Misbehaving Diggers

So digg users have staged a revolt. A HD DVD encryption key, a proprietary code protecting the HD DVD producer’s “property” was being posted in digg stories and it seems the digg admins were taking the stories down. The users started re-posting and “digging” en masse, resulting in a wave that the company couldn’t easily stop or ignore.

The CEO, Jay Adelson, explains it. Diggers are calling their right to post the numbers “freedom of speech” and are insulted they are being taken down. And a lot of bloggers are pleased with the behavior and revolt.

First off, this isn’t your application, it’s a service you are using with it’s own terms of use and legal responsibility. If they get sued out of existence you’re not gaining anything. Them respecting a law does not mean they are infringing on your freedom of speech. You want to post the numbers? Post them on your blog. You take the chance, the fact you don’t like the law does not mean they have to let you break it.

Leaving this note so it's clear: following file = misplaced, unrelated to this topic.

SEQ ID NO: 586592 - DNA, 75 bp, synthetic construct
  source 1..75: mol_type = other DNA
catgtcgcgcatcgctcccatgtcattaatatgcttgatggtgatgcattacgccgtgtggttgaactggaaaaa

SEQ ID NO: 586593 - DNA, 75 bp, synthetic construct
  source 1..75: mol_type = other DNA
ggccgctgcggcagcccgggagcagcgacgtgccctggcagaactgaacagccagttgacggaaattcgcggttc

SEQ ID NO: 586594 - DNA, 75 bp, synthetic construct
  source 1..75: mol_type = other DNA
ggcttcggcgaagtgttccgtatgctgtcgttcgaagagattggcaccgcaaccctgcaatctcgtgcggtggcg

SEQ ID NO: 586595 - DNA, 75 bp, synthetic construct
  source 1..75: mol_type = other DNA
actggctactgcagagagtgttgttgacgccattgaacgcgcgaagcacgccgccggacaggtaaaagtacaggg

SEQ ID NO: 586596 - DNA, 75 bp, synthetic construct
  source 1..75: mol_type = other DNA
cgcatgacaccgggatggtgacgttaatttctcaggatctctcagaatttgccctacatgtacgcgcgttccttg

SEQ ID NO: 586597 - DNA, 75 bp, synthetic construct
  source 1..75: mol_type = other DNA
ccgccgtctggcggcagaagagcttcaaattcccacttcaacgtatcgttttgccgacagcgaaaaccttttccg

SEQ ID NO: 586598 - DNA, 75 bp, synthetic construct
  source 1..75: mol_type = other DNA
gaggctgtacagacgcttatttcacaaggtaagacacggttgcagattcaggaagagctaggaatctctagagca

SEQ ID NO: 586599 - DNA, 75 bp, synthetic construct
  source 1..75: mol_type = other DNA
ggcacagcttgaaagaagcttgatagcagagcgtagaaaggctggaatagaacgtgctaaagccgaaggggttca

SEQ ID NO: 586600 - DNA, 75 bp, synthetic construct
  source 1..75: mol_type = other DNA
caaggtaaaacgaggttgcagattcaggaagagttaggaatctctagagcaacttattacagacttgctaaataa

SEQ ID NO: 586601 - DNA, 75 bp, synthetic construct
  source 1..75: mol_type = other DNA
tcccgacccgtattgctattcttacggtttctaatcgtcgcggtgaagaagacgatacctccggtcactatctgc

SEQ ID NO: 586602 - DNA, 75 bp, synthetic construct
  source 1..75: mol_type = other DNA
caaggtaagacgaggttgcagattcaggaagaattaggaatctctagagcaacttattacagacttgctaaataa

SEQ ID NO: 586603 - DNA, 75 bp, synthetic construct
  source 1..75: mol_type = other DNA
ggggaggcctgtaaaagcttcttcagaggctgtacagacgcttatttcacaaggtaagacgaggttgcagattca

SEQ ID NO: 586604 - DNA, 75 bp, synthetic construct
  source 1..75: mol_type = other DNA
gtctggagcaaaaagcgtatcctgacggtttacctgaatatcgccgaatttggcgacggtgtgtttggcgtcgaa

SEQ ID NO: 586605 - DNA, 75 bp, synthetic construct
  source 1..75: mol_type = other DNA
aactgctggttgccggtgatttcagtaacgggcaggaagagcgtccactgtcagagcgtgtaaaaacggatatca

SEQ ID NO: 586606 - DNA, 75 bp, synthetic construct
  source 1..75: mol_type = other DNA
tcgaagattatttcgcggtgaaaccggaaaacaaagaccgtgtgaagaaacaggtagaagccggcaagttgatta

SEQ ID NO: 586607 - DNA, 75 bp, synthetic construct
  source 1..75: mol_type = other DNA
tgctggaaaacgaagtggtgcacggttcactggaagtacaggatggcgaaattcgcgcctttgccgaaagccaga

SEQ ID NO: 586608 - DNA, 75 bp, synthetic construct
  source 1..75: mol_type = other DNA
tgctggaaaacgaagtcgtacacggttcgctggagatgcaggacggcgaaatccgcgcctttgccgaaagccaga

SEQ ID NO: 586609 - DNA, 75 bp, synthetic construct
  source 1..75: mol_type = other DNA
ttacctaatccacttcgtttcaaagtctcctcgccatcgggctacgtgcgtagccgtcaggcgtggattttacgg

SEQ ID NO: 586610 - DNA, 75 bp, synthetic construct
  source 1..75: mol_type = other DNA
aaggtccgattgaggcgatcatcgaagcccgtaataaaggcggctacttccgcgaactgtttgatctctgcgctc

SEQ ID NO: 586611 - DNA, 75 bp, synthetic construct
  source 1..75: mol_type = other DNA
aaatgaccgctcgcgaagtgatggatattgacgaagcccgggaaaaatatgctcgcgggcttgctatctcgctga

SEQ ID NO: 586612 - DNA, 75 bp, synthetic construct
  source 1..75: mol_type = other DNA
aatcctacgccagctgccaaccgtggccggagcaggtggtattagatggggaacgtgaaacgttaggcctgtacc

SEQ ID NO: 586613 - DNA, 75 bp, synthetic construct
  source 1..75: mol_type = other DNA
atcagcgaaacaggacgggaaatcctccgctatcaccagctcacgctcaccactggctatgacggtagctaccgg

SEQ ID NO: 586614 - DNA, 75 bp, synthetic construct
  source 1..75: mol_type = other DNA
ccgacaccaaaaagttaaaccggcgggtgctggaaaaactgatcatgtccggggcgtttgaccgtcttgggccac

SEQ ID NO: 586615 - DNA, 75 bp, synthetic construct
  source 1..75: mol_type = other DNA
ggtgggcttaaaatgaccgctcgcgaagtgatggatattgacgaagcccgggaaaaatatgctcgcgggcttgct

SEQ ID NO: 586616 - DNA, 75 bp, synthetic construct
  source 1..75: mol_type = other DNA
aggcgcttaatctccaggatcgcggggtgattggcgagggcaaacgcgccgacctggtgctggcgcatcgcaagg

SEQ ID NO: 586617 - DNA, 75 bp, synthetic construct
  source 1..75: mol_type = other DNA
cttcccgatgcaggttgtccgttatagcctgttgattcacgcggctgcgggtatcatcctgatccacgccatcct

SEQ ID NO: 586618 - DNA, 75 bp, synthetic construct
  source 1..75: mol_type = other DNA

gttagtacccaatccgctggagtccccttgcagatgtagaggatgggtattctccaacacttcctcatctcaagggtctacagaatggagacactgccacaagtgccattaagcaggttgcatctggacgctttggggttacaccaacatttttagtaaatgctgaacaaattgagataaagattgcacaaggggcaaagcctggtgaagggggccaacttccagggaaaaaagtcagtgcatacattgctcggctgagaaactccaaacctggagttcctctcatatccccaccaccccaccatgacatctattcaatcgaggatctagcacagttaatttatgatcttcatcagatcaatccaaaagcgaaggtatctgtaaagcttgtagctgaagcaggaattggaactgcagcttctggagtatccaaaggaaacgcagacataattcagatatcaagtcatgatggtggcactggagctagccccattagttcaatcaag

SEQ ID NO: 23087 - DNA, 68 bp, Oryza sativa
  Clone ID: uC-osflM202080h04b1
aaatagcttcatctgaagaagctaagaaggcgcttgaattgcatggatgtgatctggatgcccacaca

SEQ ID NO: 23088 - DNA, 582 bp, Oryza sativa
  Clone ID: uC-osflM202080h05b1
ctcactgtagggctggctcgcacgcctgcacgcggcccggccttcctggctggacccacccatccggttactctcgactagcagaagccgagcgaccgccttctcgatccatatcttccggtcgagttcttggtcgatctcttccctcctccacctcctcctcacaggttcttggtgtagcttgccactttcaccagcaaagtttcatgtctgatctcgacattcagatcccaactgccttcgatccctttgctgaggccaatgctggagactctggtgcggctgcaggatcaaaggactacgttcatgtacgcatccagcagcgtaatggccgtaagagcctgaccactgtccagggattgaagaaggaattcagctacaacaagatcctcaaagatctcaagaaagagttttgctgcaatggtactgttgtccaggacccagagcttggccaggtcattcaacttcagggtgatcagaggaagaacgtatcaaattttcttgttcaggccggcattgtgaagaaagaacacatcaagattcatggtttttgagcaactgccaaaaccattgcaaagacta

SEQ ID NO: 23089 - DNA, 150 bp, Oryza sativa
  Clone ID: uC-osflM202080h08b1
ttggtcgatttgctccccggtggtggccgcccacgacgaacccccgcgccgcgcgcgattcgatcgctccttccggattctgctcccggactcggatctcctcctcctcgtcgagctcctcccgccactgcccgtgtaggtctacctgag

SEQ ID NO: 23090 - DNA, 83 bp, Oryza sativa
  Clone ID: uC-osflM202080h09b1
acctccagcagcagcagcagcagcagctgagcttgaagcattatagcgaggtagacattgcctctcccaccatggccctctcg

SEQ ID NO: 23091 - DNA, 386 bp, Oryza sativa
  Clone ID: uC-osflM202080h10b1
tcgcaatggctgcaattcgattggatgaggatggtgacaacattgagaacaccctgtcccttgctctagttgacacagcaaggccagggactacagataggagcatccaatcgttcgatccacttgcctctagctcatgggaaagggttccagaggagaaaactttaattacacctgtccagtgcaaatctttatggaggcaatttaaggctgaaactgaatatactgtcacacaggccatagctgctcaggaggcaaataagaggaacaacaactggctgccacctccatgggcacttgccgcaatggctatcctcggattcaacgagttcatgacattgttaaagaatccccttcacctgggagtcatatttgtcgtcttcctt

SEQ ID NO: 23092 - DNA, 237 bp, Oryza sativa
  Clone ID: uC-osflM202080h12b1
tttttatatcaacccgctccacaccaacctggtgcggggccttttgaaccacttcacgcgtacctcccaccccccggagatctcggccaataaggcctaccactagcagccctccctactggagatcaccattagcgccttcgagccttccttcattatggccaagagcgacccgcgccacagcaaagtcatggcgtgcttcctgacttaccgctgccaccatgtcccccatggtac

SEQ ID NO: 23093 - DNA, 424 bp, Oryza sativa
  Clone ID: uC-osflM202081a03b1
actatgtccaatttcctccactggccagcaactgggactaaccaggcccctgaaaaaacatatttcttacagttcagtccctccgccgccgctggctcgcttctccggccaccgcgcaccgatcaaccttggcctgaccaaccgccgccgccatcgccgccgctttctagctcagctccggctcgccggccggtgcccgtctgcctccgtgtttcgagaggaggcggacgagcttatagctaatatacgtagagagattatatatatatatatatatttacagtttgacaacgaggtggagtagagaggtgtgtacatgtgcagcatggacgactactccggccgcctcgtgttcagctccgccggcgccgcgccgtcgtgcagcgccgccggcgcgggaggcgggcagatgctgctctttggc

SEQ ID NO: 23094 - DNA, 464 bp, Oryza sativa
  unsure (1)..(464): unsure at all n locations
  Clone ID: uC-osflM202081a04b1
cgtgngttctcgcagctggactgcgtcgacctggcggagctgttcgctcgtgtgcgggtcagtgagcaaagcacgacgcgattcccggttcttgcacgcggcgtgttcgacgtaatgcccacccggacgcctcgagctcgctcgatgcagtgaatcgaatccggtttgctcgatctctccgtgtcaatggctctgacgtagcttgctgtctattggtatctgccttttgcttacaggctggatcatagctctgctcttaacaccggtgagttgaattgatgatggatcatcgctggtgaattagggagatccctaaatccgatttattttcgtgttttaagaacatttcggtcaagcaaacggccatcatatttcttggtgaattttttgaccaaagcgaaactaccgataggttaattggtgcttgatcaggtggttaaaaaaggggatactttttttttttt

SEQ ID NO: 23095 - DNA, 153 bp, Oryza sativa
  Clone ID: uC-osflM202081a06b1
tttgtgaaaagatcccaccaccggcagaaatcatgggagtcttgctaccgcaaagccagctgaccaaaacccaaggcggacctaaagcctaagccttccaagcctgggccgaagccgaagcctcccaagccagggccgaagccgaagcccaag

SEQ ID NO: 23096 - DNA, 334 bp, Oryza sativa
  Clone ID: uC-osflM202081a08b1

If someone posted a link to pirated files from some new album, would you be surprised? You (we) might disagree with the DMCA, with some applications of copyright law, etc. it doesn’t make the law disappear. If they were taking down a story disparaging one of their investors, that’s attacking the user’s freedom of speech. Respecting a (dumb) law isn’t.

In the end, digg gave in with founder Rose taking a “what the hell” approach which I think is wrong. You’re a user who wants to change things? Write to your congressman, take action against those laws but bitching to digg because they aren’t supporting pirated codes being shown illegally on their site? Short sighted and certainly not the best way to have things change.

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